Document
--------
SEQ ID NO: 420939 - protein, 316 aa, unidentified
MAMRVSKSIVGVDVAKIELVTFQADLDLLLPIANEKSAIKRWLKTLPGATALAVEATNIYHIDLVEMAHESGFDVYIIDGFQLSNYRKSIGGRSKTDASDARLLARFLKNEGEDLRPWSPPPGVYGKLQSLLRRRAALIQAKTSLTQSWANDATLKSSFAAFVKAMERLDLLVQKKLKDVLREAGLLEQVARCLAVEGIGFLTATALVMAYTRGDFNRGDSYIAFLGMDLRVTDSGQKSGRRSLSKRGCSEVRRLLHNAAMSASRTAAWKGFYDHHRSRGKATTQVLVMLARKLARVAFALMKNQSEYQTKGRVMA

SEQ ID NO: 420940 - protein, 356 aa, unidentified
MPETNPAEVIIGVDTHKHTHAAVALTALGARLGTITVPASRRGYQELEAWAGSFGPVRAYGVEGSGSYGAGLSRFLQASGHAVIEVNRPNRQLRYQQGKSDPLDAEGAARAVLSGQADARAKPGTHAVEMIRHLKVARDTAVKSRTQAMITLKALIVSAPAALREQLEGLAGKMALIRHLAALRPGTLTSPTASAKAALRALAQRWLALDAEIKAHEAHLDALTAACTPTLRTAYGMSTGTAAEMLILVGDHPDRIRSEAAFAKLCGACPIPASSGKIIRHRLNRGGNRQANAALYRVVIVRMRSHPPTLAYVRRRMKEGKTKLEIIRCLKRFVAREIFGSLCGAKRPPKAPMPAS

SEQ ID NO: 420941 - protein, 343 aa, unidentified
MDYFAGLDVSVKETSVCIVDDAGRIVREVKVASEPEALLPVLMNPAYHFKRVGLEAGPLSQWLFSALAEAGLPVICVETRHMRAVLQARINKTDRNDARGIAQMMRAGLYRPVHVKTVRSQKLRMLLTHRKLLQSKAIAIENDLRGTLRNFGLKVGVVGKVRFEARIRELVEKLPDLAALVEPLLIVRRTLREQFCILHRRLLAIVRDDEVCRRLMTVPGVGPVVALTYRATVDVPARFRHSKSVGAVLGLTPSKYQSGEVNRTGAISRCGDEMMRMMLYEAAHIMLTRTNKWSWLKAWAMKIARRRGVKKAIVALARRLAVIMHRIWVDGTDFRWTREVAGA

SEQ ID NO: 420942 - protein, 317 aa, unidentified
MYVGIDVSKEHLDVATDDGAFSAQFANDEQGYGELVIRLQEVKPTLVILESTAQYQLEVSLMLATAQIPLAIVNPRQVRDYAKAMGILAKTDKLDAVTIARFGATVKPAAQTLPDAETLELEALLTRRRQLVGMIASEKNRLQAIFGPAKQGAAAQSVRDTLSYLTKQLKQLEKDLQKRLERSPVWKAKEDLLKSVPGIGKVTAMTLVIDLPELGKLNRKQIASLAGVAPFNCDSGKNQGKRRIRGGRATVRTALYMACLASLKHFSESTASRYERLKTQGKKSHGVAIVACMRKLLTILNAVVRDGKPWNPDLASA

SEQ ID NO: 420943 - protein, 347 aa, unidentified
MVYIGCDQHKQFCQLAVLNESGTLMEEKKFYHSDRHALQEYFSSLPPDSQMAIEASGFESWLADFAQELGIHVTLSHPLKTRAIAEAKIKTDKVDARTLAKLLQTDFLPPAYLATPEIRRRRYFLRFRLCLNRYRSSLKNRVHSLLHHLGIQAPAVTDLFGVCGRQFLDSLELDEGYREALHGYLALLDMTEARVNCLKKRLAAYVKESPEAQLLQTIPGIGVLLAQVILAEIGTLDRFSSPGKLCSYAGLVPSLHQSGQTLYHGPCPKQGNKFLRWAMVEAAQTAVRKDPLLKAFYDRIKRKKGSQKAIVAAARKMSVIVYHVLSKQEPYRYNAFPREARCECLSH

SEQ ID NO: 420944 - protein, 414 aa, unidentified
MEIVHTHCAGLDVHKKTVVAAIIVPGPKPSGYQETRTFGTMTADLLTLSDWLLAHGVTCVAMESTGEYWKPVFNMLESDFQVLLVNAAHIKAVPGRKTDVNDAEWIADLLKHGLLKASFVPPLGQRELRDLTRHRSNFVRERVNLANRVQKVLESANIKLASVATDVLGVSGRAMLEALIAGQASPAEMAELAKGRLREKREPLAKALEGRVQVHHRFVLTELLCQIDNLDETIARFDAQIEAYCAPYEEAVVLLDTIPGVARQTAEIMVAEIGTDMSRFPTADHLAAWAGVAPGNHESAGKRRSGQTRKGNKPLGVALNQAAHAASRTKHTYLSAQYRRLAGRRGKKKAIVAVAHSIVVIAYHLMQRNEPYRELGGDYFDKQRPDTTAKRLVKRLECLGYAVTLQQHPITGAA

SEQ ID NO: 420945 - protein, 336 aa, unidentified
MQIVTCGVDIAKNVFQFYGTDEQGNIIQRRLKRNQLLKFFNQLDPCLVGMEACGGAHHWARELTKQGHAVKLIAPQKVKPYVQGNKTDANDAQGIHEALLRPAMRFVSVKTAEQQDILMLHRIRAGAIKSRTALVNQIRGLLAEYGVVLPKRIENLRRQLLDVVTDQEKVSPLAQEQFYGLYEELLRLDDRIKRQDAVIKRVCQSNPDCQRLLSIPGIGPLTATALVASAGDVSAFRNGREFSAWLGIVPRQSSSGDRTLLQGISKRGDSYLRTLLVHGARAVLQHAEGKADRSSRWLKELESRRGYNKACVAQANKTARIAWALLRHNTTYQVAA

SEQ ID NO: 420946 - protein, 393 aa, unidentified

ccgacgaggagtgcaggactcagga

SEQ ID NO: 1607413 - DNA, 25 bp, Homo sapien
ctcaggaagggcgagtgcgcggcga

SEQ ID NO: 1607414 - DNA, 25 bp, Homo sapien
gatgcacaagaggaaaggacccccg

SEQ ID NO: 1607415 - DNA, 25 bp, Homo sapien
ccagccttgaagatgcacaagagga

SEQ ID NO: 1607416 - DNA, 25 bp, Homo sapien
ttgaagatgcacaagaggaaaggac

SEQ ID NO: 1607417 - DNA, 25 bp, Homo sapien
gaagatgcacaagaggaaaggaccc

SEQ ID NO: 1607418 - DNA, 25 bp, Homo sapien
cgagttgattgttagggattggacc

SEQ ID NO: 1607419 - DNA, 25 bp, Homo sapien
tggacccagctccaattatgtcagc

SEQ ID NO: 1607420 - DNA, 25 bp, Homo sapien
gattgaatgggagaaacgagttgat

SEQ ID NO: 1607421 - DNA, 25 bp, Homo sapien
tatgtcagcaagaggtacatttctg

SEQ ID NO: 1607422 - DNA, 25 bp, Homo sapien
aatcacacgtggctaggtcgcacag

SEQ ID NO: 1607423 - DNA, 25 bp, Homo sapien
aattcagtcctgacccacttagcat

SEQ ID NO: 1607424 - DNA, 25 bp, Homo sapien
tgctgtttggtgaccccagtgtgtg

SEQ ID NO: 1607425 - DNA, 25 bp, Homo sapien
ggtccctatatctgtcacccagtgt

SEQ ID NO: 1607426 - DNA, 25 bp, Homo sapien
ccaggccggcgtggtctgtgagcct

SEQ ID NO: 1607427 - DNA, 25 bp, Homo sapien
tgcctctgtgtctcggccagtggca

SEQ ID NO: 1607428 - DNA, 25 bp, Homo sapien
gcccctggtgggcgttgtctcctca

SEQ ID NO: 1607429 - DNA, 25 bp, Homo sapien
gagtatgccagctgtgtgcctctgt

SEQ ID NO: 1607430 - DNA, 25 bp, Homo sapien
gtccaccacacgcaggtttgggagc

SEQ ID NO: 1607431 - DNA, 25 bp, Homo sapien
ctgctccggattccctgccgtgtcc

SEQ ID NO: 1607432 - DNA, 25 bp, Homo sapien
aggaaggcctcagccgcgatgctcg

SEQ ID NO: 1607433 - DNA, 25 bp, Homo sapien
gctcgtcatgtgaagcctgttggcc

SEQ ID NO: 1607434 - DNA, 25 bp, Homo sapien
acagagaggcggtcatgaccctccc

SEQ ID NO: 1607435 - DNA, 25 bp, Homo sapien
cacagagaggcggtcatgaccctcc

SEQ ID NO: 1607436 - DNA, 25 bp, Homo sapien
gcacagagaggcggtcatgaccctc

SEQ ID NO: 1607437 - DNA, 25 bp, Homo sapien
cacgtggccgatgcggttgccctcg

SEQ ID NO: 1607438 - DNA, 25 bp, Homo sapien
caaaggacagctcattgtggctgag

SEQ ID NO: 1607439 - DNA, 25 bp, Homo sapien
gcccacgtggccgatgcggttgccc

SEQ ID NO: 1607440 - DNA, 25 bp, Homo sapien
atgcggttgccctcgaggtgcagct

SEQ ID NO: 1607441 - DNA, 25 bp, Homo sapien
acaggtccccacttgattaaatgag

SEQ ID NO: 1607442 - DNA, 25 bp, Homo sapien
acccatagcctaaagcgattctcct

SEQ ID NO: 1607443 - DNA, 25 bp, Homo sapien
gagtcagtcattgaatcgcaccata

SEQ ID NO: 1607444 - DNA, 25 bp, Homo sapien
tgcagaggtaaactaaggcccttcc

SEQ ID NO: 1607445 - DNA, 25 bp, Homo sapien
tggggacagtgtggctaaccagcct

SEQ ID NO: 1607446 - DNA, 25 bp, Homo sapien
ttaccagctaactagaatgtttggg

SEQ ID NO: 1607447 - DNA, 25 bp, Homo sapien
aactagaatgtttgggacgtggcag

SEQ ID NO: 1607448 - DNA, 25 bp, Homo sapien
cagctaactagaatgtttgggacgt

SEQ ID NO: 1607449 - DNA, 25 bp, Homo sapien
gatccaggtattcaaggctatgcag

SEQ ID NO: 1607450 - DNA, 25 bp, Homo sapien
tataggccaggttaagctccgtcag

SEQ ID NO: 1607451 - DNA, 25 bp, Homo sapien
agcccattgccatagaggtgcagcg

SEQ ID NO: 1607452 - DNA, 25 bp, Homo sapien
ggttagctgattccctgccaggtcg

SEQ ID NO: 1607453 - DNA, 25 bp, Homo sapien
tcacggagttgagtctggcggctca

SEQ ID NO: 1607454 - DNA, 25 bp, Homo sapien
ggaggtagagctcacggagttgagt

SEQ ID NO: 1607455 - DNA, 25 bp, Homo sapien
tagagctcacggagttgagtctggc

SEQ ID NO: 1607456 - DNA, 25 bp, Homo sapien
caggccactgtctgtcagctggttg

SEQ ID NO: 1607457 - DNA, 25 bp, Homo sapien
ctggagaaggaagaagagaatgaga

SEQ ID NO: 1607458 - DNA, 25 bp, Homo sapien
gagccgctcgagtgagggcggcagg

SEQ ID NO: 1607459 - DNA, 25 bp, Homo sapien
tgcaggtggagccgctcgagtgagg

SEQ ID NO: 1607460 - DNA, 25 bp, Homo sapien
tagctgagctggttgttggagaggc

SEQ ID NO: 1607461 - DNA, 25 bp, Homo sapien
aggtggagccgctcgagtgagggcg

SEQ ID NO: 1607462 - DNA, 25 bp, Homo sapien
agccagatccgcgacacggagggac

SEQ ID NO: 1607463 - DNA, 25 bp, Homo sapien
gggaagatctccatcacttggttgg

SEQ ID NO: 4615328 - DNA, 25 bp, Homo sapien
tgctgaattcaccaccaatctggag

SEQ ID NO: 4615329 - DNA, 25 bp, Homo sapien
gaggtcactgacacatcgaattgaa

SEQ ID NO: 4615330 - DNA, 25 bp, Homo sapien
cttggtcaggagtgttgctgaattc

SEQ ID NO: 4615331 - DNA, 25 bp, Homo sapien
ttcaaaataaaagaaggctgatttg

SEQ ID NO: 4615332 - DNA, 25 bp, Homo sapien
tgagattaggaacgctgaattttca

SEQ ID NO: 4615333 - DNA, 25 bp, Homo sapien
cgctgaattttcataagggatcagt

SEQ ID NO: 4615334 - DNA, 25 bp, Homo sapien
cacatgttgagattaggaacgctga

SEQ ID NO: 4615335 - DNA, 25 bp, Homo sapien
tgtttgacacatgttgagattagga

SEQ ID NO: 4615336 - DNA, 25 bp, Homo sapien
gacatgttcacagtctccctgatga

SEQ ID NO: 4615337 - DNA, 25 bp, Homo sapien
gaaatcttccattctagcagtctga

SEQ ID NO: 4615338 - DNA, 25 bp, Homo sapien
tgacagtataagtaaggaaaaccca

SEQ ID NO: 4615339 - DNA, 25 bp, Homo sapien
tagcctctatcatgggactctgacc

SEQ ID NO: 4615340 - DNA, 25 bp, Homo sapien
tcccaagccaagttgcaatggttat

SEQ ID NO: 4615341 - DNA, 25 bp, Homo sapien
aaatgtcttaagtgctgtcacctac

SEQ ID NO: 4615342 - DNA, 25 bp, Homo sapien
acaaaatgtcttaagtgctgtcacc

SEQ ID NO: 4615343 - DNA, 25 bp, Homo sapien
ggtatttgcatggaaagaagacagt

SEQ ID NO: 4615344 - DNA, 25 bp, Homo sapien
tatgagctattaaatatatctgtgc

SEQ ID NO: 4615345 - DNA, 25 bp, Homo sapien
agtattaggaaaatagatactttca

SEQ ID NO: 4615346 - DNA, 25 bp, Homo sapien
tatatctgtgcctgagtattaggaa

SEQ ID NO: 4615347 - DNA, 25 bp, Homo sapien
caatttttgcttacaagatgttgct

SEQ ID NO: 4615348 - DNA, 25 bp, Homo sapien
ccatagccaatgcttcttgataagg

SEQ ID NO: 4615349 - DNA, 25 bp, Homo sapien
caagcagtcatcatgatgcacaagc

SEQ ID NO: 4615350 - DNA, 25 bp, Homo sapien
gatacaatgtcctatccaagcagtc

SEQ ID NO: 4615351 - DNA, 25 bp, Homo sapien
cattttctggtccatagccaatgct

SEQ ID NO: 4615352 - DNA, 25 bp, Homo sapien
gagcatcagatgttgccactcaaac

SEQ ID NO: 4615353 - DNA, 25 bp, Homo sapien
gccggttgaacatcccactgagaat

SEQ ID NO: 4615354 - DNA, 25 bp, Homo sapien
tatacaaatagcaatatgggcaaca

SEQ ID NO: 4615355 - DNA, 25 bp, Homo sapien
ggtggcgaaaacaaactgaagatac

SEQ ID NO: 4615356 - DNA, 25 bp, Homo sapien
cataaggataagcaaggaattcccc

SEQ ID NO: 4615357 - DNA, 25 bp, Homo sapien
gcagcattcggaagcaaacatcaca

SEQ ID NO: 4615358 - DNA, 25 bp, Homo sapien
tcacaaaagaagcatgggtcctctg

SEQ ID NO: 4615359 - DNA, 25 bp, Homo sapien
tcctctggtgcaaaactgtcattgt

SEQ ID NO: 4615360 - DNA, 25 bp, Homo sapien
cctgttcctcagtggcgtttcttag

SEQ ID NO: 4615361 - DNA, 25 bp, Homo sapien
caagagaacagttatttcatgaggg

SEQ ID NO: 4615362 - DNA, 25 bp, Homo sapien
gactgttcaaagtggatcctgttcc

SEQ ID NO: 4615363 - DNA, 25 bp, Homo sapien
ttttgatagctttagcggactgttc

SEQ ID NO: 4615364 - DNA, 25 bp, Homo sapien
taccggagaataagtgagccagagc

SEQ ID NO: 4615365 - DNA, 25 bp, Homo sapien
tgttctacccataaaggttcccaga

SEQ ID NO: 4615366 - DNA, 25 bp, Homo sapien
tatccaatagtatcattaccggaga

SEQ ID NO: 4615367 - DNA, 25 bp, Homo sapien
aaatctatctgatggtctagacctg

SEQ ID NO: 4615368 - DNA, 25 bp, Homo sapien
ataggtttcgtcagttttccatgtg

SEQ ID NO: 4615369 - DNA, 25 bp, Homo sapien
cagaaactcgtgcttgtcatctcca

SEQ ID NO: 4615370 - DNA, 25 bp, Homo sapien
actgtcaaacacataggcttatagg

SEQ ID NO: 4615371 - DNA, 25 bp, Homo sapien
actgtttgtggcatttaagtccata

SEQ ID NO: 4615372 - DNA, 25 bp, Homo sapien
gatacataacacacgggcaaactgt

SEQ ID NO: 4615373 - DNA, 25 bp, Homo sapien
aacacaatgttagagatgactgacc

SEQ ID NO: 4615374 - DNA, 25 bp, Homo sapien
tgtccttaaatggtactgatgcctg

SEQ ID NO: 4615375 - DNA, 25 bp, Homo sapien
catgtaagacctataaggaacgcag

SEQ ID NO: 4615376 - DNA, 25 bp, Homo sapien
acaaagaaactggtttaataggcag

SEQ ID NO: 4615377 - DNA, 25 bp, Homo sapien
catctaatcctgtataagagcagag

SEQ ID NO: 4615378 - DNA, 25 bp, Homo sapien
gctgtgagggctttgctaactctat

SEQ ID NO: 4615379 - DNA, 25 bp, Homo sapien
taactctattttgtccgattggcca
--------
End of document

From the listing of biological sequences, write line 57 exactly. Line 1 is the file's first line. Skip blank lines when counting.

SEQ ID NO: 1607433 - DNA, 25 bp, Homo sapien